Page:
Studies & Degrees in Astronomy
Choose where you would like to study Astronomy:ArgentinaAustraliaAustriaBelgiumBrazilCanadaChileColombiaDenmarkEthiopiaFinlandFranceGermanyIndiaJapanLithuaniaMexicoNetherlandsNew ZealandPolandSaudi ArabiaSwedenThe United KingdomThe United StatesTurkey
Astronomy Study Programs
Taking the Astronomy Program is not equivalent to merely gazing at stars through telescopes, as the common notion is. Modern Astronomy actually as a science, complete with analytical and mathematical methods of studying celestial bodies in the universe. These celestial bodies include the planets, their moons or satellites, comets, meteors, stars, and galaxies both old and newborn, and the like.
Similar to other bodies of knowledge, Astronomy emerged from the trivial yet astonishing thing called curiosity. Ancient peoples were always in awe about the sun, the moon, the stars, and the unusual fiery rocks that fell from the sky on the odd occasion. Eventually, they observed how these heavenly bodies moved in an orderly, regular manner throughout a certain time interval. From these seemingly simple studies emerged what we now recognize as the calendar, the zodiac belt, and hence, the zodiac signs, and astrology, among other things. Ancient people believed that the planets influenced their fortune. Hence, as man progressed, this early belief likewise caused the growth of astronomy, as it encouraged the pursuit of better schemes to determine the truth of the principle. As time advanced, the methods grew more rigid, mathematical, varied, and scientific, eventually producing the sub-fields of modern Astronomy.
There are several inter-connected fields of study under the Astronomy Program, these include:
Astrometry involves the observational study of the position and motion of the celestial bodies. This branch of Astronomy is essential in determining universal time, or what is known as UTC (Coordinated Universal Time), which is actually relative to the earth’s rotation.
Closely linked to astrometry is the next branch – Celestial Mechanics. This study, as its name implies, likewise deals with the motion of celestial bodies. What actually sets celestial mechanics apart from astrometry is the fact that this branch focuses on orbits and, generally, the effect of gravity on celestial motion. Celestial mechanics uses the principles and quantities of Physics. Hence, this branch of Astronomy has direct applications in astrophysics.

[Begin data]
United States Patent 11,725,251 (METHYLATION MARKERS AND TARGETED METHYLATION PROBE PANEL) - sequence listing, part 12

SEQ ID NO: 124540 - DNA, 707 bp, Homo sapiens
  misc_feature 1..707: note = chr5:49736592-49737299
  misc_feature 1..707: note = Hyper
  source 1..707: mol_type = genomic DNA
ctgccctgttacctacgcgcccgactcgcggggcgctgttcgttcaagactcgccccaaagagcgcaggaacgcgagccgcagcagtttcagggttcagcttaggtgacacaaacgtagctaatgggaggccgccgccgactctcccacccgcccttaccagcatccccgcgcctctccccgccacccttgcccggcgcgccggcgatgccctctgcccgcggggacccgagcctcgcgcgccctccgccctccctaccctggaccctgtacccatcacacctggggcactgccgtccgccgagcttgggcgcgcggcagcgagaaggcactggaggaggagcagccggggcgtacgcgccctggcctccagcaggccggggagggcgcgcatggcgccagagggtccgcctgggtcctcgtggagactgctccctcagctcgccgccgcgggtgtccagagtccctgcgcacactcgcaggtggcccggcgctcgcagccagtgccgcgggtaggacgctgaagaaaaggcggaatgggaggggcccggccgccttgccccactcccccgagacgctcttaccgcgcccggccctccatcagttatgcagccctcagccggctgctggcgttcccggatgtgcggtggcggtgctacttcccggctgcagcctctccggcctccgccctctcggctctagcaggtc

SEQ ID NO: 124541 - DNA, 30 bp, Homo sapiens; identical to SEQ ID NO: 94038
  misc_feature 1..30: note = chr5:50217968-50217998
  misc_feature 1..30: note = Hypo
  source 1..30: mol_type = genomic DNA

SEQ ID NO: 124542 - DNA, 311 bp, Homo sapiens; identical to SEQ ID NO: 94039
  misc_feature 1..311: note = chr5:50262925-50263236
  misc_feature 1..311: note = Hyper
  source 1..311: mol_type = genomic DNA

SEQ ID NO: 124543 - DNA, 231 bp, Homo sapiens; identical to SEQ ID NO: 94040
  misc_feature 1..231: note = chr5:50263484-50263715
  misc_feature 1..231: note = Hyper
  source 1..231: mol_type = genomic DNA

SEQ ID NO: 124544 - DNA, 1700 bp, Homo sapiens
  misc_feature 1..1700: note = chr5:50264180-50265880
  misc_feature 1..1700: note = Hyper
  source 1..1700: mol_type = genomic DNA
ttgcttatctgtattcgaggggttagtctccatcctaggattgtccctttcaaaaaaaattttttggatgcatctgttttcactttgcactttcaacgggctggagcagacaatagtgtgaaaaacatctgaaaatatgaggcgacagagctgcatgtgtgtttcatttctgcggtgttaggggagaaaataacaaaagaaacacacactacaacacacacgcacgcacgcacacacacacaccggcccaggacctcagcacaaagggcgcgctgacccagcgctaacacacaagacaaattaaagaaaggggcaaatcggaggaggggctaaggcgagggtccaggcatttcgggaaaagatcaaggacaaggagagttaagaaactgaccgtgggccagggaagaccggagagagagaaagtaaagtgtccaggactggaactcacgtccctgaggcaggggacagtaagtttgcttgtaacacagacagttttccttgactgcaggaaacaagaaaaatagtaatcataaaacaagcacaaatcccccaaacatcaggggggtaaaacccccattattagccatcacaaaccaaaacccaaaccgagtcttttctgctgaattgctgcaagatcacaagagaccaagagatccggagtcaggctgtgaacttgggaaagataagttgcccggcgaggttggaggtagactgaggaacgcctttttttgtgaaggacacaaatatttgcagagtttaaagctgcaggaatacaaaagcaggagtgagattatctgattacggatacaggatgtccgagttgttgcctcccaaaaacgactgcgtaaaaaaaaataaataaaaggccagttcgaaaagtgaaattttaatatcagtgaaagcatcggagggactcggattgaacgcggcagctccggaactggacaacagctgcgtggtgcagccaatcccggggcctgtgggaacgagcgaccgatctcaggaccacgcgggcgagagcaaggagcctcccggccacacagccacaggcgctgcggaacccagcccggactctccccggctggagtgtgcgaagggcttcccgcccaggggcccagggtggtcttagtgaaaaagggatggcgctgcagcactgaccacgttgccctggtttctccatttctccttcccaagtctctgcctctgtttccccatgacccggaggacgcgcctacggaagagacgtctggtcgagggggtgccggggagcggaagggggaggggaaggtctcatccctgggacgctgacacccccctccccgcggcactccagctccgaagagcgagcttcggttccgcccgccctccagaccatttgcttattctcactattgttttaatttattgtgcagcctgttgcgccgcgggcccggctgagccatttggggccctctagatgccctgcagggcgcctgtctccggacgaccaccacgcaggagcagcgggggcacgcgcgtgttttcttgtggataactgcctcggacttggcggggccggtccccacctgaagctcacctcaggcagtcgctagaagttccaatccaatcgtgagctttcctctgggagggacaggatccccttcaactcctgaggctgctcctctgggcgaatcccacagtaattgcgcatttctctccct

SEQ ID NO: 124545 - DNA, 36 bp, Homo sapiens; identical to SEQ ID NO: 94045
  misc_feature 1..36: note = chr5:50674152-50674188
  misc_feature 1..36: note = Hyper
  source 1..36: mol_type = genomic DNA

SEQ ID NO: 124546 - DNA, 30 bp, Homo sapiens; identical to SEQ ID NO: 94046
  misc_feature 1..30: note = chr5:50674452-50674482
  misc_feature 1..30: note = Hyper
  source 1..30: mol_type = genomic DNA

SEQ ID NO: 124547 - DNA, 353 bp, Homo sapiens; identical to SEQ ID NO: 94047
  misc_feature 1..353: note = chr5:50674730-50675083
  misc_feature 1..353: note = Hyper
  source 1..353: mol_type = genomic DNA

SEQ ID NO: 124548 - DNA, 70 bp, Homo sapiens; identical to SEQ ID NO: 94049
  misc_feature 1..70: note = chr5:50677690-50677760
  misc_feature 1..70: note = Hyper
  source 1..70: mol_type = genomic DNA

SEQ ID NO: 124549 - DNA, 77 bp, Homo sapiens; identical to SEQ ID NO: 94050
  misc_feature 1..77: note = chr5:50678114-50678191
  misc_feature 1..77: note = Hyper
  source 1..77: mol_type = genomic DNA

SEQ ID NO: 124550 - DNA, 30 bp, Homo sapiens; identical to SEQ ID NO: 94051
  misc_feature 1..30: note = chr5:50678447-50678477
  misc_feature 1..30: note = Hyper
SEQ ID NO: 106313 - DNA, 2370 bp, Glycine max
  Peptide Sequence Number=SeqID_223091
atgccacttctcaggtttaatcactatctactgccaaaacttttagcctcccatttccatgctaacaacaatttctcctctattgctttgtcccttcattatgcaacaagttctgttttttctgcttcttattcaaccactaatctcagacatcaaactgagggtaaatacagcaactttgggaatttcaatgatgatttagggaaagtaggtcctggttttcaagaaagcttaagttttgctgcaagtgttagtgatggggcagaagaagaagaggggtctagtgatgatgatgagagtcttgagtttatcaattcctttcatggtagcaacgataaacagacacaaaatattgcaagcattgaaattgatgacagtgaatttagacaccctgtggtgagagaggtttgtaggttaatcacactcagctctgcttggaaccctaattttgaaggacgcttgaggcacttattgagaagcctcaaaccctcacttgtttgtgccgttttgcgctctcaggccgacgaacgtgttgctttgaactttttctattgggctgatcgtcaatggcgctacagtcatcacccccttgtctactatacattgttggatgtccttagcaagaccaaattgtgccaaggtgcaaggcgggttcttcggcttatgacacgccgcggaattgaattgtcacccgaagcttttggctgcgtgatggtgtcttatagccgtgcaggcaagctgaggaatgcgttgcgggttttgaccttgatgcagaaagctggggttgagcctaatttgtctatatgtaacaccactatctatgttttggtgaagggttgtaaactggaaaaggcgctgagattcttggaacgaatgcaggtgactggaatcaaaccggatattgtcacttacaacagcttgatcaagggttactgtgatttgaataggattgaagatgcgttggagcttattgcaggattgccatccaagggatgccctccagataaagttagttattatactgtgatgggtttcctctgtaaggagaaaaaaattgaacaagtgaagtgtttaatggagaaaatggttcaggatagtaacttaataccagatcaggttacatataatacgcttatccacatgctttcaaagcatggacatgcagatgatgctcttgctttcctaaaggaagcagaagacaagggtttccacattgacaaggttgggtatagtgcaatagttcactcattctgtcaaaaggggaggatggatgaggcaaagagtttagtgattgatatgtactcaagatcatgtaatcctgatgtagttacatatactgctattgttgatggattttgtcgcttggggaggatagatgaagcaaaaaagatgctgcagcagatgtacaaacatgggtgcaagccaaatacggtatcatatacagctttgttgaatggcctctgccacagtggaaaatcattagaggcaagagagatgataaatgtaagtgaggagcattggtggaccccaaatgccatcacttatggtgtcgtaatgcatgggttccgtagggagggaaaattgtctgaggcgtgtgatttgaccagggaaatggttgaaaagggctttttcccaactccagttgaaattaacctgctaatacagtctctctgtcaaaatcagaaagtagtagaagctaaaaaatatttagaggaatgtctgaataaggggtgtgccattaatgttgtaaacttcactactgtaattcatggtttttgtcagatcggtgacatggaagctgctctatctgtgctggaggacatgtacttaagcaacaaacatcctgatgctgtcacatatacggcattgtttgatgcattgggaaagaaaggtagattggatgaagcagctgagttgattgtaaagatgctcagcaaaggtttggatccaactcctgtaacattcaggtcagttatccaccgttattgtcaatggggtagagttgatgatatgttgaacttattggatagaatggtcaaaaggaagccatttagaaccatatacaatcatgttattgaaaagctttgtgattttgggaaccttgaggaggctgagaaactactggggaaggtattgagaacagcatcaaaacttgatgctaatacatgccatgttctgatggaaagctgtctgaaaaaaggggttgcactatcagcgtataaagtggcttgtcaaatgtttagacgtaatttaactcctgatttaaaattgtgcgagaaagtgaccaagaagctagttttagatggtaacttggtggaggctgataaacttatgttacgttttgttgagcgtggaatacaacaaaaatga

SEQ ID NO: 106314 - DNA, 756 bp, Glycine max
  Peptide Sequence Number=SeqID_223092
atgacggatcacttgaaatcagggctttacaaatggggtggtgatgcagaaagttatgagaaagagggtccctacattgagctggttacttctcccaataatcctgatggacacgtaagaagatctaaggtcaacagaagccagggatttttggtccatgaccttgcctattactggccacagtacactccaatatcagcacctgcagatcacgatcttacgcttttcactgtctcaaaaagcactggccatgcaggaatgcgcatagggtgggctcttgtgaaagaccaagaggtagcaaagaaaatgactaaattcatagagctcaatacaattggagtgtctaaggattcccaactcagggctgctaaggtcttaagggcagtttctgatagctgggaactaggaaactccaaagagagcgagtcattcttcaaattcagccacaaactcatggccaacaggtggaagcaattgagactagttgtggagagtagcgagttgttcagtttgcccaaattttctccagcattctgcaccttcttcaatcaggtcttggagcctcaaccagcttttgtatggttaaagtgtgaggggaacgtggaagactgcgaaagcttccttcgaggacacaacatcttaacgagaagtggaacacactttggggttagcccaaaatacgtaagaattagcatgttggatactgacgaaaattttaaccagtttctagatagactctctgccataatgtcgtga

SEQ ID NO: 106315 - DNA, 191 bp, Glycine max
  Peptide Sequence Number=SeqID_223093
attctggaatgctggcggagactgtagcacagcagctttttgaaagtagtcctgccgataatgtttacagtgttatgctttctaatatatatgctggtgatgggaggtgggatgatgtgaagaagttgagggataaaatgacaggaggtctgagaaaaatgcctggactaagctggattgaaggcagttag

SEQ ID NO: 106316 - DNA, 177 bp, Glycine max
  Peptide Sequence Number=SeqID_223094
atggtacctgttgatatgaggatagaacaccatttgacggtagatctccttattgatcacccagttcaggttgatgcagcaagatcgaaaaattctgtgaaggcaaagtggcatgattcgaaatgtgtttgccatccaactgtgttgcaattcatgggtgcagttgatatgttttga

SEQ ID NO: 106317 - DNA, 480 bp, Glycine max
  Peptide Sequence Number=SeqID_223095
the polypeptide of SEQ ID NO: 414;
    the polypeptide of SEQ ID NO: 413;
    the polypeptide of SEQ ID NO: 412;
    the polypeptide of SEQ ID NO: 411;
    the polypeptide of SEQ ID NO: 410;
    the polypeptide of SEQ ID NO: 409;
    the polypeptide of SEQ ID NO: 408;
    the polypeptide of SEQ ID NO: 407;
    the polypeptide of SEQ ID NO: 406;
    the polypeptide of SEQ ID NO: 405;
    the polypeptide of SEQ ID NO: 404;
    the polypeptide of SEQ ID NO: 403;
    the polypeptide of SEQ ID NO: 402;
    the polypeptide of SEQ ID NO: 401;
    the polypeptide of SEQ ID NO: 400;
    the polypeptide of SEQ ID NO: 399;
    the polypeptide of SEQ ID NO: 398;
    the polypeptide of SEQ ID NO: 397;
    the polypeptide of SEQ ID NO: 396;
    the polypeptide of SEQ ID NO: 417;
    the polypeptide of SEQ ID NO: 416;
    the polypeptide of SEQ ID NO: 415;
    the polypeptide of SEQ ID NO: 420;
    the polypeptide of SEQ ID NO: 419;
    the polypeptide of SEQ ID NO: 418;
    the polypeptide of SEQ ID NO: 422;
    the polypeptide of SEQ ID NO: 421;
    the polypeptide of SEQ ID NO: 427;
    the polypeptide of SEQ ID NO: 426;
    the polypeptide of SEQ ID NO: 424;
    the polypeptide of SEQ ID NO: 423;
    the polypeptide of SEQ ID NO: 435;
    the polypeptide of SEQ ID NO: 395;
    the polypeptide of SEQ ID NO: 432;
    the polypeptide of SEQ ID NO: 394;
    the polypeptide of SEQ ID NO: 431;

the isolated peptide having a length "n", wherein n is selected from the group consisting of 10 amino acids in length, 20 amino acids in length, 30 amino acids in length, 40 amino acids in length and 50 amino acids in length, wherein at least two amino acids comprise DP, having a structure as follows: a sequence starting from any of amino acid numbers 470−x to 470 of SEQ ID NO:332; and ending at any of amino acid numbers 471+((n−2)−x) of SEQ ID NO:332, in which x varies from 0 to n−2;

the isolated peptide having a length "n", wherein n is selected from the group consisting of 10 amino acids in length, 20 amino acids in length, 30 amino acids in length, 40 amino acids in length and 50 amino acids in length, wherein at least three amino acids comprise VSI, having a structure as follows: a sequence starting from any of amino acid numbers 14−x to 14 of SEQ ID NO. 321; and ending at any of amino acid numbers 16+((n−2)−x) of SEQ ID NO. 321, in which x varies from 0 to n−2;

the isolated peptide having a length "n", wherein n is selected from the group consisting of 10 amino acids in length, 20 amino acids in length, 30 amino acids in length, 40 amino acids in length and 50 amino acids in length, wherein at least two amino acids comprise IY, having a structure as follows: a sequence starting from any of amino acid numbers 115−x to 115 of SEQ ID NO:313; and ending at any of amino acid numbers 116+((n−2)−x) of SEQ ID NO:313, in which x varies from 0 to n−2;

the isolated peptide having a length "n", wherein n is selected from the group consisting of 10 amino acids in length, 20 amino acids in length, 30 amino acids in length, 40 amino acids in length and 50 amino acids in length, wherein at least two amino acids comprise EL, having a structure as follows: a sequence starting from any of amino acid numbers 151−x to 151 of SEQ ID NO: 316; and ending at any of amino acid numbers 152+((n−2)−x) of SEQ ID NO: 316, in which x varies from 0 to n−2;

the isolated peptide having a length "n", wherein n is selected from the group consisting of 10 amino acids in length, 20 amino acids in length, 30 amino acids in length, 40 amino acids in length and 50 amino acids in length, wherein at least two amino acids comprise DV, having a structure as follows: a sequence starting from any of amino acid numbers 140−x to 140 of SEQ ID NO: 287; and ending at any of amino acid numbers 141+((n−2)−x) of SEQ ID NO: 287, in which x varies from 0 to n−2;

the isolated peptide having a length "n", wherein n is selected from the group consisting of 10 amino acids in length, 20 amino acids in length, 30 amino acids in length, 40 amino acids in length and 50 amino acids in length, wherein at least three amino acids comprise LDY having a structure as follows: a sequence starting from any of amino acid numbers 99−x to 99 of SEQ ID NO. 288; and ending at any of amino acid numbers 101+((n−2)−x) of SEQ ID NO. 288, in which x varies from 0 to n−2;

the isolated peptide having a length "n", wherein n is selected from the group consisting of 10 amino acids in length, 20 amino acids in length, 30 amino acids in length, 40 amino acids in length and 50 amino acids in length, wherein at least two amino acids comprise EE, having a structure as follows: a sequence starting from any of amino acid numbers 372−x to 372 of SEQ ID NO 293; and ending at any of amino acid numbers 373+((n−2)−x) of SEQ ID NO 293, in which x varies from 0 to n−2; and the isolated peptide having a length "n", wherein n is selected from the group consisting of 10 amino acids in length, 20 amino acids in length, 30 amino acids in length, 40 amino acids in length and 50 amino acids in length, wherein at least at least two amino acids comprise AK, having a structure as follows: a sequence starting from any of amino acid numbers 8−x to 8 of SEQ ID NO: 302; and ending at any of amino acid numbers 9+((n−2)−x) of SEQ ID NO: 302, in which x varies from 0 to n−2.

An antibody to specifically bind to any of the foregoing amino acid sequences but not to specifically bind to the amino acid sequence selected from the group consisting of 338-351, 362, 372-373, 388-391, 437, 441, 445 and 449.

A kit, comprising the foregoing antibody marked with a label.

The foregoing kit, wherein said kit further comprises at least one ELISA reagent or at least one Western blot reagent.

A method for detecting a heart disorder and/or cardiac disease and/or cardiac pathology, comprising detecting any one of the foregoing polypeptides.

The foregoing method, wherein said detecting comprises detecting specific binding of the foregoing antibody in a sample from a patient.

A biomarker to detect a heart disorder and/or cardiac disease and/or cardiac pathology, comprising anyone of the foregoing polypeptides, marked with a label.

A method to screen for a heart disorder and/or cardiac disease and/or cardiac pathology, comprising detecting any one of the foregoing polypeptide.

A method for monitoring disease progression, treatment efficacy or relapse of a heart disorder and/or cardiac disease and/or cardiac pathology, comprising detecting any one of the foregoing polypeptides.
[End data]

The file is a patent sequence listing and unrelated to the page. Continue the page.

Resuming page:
Astrophysics is basically the study of the chemical composition and physical properties of the stars, planets, galaxies, and the like. From birth to end state, celestial objects are observed, in terms of the physical conditions and laws that dominate them, for their behavior to be understood.
Cosmology, on the other hand, is comparable to astrophysics but a slight difference lies in the range of study. This branch is macro-point of view in the study of the universe. Cosmology deals with the universe in its entirety, from its beginning to its future.
Taking the Astronomy Program means having an innate interest, or passion, not only for the stars and planets, but also for other sciences like Physics and Mathematics. Astronomers actually spend a lot of time reading, to keep up with the developments and findings of others in their field. They also have to learn how to deal with a lot of computers, where they merge science with technology, creating models and simulations.
Most graduates of the Astronomy Program move on to getting their doctoral degree. These further studies mostly involve research, writing proposals, and likewise publishing of papers. This is why a number of graduates are employed as faculty of various colleges and universities. Others choose to become involved with advanced research in observatories and institutions; others work alongside engineers and astronauts in space stations like the NASA (National Aeronautics and Space Administration).